Post-Traumatic Stress Disorder (PTSD)
Post-traumatic Stress Disorder (PTSD) is an anxiety disorder that affects our mental health. It is characterized by PTSD symptoms that begin after a specific traumatic event or a build-up of trauma over time. This traumatic event or general trauma is often replayed repeatedly in the person's mind, making it appear as if they are continually experiencing this event. This results in the fears and stress associated with the trauma being continually reactivated in the body and mind.
The key to a diagnosis of PTSD is that this trauma, whether experiencing it or witnessing it, leads to debilitating anxiety symptoms that impact one’s ability to function on a day-to-day basis.
Post-traumatic stress disorder is a disorder that is characterized by PTSD symptoms of anxiety that begin after a traumatic experience. This traumatic event can be anything, from a natural disaster, sexual assault, abuse, stressful event, life-threatening event, work-related stress, etc.
The event itself is not important, but it is how the event affects a person. Most people will experience a period of stress after experiencing or witnessing a traumatic event, however, it is usually short-term and temporary. PTSD can be diagnosed when the effect of traumatic stress is long-term and continues to cause an impact. Re-experiencing the trauma constantly can lead to a heightened sense of arousal and various symptoms that are distressing. Ultimately, this disorder prevents the individual from functioning optimally on a day-to-day basis.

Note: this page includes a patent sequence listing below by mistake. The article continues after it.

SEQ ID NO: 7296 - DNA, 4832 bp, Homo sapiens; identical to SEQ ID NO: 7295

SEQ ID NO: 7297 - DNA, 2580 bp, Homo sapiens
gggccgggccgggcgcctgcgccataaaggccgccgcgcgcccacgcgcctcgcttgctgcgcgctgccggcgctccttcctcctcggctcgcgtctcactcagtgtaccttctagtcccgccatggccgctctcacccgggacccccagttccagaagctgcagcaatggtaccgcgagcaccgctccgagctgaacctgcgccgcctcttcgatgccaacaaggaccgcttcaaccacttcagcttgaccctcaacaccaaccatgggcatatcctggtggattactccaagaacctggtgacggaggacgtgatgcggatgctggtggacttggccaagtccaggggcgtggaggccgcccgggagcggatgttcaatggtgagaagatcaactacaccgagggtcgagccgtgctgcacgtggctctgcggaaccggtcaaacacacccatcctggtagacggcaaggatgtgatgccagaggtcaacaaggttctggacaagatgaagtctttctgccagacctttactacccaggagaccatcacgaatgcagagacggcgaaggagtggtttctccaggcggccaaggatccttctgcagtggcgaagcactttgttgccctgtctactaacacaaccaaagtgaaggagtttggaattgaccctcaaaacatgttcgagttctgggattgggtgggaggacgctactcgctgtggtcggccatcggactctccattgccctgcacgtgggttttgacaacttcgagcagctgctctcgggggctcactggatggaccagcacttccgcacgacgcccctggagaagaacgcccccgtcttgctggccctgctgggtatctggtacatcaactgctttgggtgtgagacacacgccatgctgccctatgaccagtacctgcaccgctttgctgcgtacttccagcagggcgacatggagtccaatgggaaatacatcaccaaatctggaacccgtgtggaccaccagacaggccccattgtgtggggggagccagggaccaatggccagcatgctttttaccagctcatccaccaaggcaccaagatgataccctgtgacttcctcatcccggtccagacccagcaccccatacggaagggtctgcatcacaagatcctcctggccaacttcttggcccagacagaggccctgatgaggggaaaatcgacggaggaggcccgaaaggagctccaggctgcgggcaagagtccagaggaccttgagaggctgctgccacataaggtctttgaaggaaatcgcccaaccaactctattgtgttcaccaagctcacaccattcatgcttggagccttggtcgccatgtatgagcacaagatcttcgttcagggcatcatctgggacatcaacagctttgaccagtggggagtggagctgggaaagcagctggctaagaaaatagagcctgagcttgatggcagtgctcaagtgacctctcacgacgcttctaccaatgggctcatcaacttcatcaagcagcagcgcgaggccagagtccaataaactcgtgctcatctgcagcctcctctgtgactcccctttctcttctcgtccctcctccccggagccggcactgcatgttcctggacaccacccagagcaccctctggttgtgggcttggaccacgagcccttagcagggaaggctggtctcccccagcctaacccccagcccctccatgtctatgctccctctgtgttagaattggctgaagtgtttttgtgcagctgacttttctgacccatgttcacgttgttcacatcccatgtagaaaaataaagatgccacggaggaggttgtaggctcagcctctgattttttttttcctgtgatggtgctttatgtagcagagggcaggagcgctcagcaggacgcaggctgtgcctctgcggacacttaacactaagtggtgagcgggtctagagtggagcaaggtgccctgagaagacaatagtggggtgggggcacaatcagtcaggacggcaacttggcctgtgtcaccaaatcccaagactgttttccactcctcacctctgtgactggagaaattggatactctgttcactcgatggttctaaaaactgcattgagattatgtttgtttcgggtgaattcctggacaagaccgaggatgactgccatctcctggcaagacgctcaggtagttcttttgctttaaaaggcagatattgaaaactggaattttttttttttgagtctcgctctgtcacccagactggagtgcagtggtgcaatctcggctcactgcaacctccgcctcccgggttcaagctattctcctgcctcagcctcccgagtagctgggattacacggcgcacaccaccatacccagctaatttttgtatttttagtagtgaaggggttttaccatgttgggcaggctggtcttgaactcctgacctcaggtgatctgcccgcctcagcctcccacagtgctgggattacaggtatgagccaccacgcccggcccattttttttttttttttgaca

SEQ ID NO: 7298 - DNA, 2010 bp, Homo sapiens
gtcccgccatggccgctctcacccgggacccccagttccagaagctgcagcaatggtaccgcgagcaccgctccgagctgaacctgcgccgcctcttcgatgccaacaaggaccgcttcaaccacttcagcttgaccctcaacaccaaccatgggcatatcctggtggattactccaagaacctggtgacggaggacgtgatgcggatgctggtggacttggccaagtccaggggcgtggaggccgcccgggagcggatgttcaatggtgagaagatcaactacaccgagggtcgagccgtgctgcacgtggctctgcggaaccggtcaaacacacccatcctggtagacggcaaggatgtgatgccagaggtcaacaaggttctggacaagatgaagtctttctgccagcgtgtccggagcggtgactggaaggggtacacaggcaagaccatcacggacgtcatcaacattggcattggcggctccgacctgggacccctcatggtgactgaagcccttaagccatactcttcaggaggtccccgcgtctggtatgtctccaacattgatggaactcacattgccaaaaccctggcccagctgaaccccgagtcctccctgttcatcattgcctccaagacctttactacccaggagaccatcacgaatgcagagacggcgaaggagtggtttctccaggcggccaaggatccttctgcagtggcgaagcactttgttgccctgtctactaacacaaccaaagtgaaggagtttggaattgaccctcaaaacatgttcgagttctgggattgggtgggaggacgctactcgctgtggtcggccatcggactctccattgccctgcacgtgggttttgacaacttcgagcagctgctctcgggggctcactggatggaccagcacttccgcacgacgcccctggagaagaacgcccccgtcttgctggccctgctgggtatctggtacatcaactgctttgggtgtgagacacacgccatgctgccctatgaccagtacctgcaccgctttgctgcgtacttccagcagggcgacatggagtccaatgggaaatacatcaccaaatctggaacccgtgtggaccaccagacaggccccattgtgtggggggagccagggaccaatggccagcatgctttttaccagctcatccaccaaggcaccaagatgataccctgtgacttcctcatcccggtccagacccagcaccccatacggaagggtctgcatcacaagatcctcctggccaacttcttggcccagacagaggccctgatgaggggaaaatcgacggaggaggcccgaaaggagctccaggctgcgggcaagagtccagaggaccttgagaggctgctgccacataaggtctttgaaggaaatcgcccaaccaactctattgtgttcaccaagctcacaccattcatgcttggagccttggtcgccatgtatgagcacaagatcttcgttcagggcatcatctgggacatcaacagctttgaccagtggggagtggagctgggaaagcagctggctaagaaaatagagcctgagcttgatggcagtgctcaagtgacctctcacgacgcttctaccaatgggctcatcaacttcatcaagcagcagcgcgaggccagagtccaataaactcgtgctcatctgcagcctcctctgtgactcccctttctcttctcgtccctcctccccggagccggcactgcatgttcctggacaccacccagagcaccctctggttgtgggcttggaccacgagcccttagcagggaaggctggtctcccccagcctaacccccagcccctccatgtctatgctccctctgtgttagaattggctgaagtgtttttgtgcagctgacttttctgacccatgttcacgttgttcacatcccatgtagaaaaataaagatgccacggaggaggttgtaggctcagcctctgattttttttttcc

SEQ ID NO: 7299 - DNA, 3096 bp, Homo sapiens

Post-traumatic stress disorder is often grouped into PTSD and complex PTSD. Complex PTSD is very similar to the PTSD we have described above, in the way that it impacts one’s mental health. The main difference between the two disorders is that complex PTSD often develops because of a series of traumas or events, whereas post-traumatic stress disorder is usually in relation to one event. Otherwise, the manifestations and the mental health implications themselves are quite similar between the two conditions. They are both almost always characterized by similar symptoms including avoidance of some kind. Treatment is also quite similar between the two conditions.
The symptoms of PTSD vary between each person and the traumatic stress that they went through. Many people will often have hypervigilance, developing avoidance behaviours. This means staying clear of anything that reminds them of the traumatic event so that they will not find themselves re-experiencing the traumatic event.
Some of the more common PTSD symptoms include reliving the traumatic event over and over in their mind, often through flashbacks. This can result in distressing symptoms such as nightmares, a state of hyperarousal, dissociative states, increased reactivity, being easily startled, trouble concentrating and a feeling of helplessness. It can also have changes in mood including irritability, and outbursts that recur.
Depending on the severity of the PTSD symptoms it can also lead to the development of mental disorders to cope with the constant fight-or-flight state that the PTSD flashbacks continue to activate. To numb out these stressful experience’s, substance abuse, depression, obsessive-compulsive disorder or self-destructive behaviours including self-harm may develop. These often develop to cope with the overwhelming anxiety that comes with post-traumatic stress disorder symptoms.
Besides being irritable and having angry outbursts, there can also be physical symptoms that are associated with this disorder and trauma.